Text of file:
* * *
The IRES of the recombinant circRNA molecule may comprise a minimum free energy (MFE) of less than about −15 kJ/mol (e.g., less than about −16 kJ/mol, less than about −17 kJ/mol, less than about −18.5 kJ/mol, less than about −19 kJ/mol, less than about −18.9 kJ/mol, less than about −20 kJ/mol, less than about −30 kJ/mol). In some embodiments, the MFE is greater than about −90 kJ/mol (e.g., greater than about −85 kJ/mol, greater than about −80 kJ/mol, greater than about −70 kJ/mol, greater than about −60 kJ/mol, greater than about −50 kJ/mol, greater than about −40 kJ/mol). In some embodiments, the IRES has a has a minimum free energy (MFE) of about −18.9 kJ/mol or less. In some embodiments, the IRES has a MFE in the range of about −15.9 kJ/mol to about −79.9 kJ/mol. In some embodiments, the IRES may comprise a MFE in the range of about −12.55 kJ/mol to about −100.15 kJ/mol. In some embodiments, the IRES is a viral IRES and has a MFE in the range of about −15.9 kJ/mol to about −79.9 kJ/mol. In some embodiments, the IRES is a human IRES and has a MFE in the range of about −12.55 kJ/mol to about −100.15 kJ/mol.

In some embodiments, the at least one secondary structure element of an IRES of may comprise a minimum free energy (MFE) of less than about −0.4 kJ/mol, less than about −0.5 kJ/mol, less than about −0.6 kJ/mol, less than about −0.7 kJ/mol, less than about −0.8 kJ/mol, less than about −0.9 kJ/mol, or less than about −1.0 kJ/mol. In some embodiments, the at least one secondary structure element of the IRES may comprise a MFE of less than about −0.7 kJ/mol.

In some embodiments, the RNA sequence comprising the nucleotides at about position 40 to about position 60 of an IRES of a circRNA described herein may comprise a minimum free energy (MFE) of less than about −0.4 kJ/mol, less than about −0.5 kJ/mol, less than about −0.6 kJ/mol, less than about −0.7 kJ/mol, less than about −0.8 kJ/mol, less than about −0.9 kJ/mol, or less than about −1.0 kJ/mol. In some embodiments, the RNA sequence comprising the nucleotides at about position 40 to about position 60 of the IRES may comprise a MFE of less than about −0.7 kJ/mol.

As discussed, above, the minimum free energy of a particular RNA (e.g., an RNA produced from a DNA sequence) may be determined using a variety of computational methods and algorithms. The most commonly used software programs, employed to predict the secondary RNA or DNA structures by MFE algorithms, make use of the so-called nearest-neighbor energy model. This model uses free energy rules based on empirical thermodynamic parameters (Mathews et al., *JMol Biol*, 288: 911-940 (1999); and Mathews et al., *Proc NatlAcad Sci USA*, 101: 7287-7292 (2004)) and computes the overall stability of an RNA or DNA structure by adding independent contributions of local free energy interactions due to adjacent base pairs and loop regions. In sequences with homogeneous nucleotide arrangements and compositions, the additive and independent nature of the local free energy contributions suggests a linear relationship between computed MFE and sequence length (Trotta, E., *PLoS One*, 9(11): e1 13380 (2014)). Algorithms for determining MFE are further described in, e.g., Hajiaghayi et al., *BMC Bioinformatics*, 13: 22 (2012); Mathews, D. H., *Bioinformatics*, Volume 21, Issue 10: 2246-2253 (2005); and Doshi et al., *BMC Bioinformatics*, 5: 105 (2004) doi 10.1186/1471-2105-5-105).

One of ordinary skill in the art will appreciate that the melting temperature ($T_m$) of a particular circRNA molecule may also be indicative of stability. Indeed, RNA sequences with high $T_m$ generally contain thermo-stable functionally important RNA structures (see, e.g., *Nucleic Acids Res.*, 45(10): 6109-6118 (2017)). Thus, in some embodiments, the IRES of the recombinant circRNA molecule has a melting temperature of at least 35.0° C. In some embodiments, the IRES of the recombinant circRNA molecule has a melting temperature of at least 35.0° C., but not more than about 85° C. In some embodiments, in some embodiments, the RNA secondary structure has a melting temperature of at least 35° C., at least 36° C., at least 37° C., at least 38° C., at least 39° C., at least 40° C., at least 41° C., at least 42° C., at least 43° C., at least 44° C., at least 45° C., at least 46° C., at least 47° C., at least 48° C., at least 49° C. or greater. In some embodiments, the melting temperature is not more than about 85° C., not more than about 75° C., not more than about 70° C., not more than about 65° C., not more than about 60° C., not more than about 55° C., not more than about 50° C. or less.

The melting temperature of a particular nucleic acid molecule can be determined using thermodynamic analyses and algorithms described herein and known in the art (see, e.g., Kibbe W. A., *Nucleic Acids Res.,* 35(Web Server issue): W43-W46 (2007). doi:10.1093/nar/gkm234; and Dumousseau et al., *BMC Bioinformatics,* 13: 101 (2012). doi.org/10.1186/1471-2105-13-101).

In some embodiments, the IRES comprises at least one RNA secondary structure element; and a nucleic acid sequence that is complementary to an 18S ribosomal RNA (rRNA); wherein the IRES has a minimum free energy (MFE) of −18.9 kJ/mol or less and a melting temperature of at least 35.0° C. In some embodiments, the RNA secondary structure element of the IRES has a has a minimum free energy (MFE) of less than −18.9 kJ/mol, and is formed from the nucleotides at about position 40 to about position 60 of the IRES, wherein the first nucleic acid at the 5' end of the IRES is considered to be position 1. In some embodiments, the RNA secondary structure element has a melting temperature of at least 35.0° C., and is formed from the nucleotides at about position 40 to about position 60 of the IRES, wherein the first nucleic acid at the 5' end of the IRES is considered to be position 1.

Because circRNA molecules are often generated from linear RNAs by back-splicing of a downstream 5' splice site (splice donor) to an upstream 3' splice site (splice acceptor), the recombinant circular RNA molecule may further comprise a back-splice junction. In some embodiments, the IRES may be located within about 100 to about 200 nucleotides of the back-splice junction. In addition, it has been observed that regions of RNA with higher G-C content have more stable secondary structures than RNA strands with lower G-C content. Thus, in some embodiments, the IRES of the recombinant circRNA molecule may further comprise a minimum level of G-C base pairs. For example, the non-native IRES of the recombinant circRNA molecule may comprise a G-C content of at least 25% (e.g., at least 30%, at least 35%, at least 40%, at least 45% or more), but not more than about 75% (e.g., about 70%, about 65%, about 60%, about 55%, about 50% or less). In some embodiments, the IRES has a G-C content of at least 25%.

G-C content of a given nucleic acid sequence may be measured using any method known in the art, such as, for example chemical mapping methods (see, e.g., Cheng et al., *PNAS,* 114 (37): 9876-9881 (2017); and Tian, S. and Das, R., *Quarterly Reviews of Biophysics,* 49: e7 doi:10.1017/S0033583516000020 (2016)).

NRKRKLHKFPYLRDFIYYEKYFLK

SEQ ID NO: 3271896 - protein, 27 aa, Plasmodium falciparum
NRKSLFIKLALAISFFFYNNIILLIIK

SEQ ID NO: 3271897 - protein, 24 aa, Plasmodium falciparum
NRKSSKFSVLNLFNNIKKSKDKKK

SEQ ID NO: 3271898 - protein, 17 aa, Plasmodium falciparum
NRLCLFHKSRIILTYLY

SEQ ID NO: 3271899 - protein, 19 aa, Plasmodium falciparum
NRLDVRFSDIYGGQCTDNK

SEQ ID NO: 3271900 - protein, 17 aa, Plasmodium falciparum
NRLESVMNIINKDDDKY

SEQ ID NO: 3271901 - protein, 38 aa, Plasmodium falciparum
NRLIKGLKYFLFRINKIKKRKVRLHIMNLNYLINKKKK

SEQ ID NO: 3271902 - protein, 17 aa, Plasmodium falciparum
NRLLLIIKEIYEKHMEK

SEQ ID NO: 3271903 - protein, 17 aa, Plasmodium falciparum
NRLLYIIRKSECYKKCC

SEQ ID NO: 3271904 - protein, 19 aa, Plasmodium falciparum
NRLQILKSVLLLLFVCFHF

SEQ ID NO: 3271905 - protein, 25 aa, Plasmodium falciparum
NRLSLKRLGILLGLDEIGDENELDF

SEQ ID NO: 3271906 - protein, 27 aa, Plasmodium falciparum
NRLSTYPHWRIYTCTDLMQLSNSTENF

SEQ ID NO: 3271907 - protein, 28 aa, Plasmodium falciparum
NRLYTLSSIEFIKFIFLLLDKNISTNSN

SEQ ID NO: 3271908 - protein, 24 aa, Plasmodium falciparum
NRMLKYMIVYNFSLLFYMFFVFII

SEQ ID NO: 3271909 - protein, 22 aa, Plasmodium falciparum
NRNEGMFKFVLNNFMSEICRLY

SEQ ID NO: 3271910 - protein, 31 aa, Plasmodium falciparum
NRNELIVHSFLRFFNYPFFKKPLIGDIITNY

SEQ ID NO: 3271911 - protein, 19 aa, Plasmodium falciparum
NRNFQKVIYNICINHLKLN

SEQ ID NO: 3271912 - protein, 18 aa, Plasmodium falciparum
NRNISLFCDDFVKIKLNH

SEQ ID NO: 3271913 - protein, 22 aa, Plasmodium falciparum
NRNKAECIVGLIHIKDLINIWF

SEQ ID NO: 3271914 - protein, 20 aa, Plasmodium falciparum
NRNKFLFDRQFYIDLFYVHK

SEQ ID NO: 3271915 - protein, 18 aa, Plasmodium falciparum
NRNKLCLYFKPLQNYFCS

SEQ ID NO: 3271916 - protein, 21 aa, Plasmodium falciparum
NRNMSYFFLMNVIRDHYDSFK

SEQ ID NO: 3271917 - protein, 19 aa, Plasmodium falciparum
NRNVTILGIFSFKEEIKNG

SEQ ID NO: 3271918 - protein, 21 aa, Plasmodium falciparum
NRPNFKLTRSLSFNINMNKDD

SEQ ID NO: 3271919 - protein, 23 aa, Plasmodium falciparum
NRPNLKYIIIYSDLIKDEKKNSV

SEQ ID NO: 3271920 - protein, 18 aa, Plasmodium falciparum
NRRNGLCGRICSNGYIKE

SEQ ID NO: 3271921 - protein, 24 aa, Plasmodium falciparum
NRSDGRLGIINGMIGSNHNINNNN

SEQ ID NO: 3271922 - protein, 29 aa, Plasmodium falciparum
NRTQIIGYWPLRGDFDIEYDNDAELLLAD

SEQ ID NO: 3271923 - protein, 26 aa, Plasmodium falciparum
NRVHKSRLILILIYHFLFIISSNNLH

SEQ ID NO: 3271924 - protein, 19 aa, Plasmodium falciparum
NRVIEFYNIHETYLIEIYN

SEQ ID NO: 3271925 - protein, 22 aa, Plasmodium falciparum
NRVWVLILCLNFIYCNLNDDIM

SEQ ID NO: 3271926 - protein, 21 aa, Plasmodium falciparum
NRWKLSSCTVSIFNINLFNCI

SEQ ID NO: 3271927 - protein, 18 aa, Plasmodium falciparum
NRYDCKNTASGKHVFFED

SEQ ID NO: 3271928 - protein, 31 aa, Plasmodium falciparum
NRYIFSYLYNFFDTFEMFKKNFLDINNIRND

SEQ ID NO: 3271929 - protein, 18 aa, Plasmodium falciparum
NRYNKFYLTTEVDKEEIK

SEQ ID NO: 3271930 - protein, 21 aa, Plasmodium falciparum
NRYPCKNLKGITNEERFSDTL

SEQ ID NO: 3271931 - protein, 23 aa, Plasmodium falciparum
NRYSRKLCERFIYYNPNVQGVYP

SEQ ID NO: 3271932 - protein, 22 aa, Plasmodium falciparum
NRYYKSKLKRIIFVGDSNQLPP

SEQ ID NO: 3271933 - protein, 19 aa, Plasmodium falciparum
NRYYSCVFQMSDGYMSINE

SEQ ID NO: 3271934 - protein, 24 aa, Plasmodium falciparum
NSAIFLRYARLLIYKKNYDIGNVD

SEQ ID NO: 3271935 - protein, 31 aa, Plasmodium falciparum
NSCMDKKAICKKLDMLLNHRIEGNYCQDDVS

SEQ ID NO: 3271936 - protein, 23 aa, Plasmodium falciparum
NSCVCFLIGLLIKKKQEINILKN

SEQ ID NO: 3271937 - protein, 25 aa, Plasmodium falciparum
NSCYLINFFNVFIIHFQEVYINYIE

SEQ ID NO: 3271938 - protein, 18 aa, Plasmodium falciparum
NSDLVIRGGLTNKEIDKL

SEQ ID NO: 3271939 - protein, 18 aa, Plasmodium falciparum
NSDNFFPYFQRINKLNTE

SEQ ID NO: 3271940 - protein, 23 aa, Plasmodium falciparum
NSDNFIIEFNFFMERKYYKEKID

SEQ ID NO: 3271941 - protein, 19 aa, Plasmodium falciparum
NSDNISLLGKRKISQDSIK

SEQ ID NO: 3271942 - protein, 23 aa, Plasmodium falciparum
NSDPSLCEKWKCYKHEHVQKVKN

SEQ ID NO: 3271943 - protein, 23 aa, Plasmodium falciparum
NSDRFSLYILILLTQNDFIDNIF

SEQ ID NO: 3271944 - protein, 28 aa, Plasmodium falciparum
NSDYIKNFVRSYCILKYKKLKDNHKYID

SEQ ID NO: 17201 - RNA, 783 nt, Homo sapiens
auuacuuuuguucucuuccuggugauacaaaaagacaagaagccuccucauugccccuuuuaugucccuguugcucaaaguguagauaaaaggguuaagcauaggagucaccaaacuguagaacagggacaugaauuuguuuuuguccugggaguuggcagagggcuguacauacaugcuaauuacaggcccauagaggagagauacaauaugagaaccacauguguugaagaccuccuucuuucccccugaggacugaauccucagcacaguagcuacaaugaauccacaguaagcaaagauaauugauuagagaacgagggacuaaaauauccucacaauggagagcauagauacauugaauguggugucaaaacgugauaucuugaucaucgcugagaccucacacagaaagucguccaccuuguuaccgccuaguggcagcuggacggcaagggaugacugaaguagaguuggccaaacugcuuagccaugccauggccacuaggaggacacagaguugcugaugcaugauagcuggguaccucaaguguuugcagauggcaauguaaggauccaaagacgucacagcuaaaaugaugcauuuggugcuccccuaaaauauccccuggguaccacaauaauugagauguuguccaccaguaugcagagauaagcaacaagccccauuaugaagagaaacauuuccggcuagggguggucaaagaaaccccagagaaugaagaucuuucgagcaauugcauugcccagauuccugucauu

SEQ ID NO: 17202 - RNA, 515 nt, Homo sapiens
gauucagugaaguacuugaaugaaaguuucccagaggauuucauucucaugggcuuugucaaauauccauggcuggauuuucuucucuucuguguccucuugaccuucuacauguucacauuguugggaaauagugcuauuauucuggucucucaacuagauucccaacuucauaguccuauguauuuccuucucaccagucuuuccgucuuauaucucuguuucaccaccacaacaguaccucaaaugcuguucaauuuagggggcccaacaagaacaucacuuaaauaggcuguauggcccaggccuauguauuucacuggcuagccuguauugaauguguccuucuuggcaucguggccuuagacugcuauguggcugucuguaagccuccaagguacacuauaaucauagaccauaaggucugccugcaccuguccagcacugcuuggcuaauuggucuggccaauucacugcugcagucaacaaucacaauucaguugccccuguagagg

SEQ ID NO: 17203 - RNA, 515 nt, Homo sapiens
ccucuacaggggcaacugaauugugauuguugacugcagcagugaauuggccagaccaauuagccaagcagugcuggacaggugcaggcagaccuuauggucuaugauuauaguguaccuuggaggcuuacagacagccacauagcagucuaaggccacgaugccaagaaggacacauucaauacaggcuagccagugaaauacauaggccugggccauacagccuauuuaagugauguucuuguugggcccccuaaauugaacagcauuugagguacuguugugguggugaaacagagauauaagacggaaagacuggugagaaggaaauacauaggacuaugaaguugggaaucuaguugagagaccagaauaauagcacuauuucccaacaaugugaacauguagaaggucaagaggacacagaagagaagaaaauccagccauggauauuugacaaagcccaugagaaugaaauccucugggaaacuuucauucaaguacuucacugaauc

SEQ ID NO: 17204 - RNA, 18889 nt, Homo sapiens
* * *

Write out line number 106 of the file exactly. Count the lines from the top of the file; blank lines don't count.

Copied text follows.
NSDRFSLYILILLTQNDFIDNIF